Monday, July 27, 2009


Clean & Unclean Mystical Powers - Part 2

by Reb Gutman Locks at Mystical Paths

(Part 1 here.)

The first half of this article sited a number of examples of mysterious powers found within the various religious practices in the world today. These powers raise a number of questions. For instance, why does G-d allow these powers to exist, and with these mystical powers openly demonstrated in so many religions, how is one to choose the proper path to follow?

That we can even ask these questions shows us the very reason why G-d has allowed these unclean powers to exist. He wants us to have free will. This is an essential principle in creation. The spiritual reward is commensurate with the spiritual effort. If there would be no free will, we would be like angels merely doing what we were programmed to do. If there were no mystical signs in those other religions, who would chase after those extremely foolish beliefs that surround those wonders?

They teach such things as, “Bow down to the Sun and Moon,” “There are millions of gods today, and this idol is one of them,” “The father of this person was not a man. It was a ghost.”

Without those magical signs and fantastic promises that these followers claim, not even the most foolish person would ever believe in those religions. So G-d allows such magic to exist to let each of us choose our own spiritual path.

If all of the obvious goodness came only from following the Torah, no one would ever stray to those foolish religions.

This explains why G-d allows such powers to exist, but how are we to know which path to follow? How do we know that normative Judaism, which is often taught to be so strict and so detail-oriented with very little of these types of mystical experiences, is what we should be following? And when there is an apparent miracle in someone’s life, how do we know that it was a genuine wonder and not just coincidence, or something from the “other side” (the unclean powers) like these other religions demonstrate?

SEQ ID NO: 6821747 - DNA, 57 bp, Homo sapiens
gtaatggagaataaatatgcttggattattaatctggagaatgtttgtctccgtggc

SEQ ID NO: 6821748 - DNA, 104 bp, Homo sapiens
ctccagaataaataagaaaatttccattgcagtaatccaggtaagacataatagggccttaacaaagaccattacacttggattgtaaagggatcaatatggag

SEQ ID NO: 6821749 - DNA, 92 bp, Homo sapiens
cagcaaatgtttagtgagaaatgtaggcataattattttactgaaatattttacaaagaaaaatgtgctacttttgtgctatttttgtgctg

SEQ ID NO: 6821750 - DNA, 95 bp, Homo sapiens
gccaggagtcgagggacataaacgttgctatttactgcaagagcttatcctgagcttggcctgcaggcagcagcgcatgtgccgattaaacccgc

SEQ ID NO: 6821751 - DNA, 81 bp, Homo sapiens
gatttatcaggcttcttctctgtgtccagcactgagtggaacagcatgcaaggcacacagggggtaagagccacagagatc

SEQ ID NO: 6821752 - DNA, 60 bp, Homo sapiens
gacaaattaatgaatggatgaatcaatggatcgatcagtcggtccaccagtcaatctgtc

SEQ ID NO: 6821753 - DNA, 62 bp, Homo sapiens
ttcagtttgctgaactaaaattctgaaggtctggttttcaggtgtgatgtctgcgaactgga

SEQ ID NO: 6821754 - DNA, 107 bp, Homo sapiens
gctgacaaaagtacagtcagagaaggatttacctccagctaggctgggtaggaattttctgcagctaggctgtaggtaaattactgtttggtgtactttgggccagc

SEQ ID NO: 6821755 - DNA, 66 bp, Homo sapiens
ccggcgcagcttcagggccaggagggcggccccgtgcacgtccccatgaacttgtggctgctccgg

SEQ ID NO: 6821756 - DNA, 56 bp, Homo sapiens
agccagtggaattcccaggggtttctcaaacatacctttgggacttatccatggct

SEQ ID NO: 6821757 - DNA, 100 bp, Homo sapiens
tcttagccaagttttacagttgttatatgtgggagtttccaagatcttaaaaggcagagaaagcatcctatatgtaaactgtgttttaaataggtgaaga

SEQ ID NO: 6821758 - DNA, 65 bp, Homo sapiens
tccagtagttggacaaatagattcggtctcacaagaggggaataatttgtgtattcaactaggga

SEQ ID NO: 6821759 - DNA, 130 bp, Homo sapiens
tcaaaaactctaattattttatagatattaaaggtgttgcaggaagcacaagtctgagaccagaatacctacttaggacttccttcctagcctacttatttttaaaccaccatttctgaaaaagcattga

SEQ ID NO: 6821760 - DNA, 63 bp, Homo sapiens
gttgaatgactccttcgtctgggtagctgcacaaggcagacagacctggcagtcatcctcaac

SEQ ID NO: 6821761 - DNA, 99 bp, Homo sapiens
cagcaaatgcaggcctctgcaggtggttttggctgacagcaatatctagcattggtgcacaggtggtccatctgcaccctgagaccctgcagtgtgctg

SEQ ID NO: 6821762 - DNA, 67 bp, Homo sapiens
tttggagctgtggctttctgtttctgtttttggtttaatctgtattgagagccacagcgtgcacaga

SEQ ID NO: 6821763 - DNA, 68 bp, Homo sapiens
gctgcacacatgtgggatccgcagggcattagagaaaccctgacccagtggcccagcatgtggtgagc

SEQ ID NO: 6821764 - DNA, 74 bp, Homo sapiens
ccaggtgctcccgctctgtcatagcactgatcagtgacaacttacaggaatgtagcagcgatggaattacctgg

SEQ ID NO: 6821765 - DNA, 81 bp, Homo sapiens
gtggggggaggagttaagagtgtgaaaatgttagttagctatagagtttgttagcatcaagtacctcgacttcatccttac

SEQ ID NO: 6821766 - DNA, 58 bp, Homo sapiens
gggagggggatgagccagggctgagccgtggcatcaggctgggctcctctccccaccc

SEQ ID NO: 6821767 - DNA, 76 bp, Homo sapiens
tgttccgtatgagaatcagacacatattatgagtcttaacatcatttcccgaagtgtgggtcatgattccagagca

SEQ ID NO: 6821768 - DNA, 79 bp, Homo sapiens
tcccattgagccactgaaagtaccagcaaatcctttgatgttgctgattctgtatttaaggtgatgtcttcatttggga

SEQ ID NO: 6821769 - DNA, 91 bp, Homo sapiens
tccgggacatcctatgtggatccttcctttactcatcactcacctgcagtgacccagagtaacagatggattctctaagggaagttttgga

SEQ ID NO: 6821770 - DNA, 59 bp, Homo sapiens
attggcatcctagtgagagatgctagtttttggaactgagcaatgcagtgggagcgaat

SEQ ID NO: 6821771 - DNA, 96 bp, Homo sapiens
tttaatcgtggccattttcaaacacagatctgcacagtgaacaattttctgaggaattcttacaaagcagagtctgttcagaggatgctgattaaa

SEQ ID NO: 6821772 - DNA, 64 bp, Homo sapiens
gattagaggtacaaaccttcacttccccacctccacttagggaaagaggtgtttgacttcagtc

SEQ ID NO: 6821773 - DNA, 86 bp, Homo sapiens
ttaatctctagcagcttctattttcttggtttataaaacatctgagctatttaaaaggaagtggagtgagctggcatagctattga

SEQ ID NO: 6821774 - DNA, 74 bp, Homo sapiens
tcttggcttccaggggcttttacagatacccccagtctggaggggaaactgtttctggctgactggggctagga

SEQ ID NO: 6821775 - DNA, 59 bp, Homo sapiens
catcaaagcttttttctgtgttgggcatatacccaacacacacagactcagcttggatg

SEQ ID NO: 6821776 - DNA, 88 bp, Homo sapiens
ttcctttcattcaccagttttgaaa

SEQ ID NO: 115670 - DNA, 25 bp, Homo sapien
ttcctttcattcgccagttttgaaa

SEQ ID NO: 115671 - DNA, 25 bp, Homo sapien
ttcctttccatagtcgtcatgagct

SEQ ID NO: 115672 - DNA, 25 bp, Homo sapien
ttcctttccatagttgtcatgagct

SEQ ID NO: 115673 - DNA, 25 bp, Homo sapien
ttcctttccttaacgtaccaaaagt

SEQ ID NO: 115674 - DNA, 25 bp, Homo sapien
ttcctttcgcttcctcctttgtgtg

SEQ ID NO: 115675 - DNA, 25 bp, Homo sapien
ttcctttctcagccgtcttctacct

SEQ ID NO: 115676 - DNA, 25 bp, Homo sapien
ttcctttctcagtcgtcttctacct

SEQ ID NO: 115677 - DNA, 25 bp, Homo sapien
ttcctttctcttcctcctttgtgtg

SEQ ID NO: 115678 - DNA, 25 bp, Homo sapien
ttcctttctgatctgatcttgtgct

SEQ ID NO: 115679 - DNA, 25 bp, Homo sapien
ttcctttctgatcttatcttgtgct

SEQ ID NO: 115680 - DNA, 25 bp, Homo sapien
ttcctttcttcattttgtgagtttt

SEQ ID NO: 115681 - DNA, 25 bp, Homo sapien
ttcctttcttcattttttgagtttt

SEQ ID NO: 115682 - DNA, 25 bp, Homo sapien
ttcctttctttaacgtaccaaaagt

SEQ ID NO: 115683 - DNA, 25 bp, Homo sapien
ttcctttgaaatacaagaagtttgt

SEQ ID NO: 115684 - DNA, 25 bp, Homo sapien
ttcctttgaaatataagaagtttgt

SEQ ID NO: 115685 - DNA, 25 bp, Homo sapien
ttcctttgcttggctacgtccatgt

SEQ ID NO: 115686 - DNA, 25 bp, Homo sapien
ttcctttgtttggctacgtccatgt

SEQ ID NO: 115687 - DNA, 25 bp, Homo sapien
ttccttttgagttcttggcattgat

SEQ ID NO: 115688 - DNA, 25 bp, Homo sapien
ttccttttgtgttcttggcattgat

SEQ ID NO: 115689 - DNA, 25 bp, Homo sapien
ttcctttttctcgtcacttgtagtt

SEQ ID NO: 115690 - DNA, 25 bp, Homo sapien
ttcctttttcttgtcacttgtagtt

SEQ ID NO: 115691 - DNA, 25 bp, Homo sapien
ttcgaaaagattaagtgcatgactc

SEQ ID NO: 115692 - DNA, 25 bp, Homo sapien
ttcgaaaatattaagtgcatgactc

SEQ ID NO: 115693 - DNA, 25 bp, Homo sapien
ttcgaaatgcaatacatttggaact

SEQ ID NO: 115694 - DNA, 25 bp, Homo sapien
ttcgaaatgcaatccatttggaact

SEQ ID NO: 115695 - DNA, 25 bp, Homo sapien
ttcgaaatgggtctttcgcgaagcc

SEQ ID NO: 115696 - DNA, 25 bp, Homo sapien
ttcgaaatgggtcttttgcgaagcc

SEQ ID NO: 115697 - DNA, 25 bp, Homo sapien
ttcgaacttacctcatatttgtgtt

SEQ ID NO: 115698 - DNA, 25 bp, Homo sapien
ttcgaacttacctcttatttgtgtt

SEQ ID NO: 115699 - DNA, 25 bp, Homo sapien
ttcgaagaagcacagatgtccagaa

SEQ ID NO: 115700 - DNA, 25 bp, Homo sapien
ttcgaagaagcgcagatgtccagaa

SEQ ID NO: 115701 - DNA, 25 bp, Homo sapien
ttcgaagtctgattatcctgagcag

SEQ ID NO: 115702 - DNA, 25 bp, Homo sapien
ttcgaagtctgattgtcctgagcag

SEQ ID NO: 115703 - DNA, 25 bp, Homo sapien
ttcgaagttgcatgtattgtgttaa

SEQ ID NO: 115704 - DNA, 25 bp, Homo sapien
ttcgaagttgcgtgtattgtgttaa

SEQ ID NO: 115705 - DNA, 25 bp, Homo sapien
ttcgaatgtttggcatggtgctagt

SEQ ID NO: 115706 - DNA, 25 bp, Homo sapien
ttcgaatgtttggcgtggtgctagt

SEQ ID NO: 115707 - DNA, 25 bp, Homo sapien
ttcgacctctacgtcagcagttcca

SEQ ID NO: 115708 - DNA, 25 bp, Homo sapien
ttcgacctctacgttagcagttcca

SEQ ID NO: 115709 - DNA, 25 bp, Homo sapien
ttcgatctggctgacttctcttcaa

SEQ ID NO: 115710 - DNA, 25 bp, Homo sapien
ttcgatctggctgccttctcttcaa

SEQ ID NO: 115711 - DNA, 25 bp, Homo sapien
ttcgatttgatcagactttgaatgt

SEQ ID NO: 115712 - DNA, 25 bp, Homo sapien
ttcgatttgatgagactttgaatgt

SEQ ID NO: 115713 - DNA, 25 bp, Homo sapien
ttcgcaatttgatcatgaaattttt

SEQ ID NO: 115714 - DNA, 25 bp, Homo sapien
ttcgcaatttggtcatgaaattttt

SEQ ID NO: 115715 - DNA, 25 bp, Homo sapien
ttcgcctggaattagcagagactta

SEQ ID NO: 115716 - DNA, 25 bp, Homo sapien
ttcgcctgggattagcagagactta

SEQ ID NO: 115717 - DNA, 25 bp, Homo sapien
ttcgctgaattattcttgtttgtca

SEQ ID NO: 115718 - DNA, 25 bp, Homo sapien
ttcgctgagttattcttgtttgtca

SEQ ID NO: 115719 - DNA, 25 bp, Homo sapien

One question to ask is what happens to the one who is credited for having done the miracle? If the credit for the wonder is attributed to the “wonder-worker,” even as a “humble servant,” then there is something wrong there. If the “miracle” strengthens the ego of the “wonder-worker,” and the wonder shows how special he is, then certainly something is wrong there.

When there is no question except that the wonder came from and is attributed to G-d, then it may very well have been a true wonder. If after the experience the attention is focused on the Infinite One and not on the person who “brought” it or on the one who received it, then it may have been a truly holy experience. Did the experience strengthen your awe of the One Infinite Being, or did it increase your appreciation of a wonder-worker, or of a spirit?

Given all this, still, there also have been known to be righteous, Jewish wonder-workers. In our generation alone there were three of the greatest wonder-workers who ever existed in the history of the Jewish people. The Baba Sali, Rav Kaduri and the Lubavitcher Rebbe were all instrumental in bringing about amazing wonders. These wonders certainly brought a lot of attention to them, especially from their followers. So still we have to ask, how are we to identify the miraculous intercession from G-d and mere magic?

There are also wonders brought about from the improper use of the Kabbalah. This is called “Practical Kabbalah.” But there is a strong prohibition against using these arts. How do we know if the wonder came about from G-d’s miraculous intersession or the work of a crafty student of the Kabbalah?

In fact, many of the sages have warned us not to follow any of these signs at all. Not the miracles and certainly not the voices, even if they actually come from Heaven.[i] “The Torah was not given to the Heavens,” they say. “It was given to us here on earth.” According to this strong opinion, a voice from Heaven or a wonder cannot decide anything for us today. So how are we to guide our lives?

The average person is not experienced enough to be able to discern a clean power from an unclean power. To understand the true underlying nature of the experience we must look and see what comes from and surrounds the wonders. See where the wonders lead. Would following the teachings of the one who “brought” the wonder lead to your having a normal Jewish life, a Jewish family and Jewish descendants?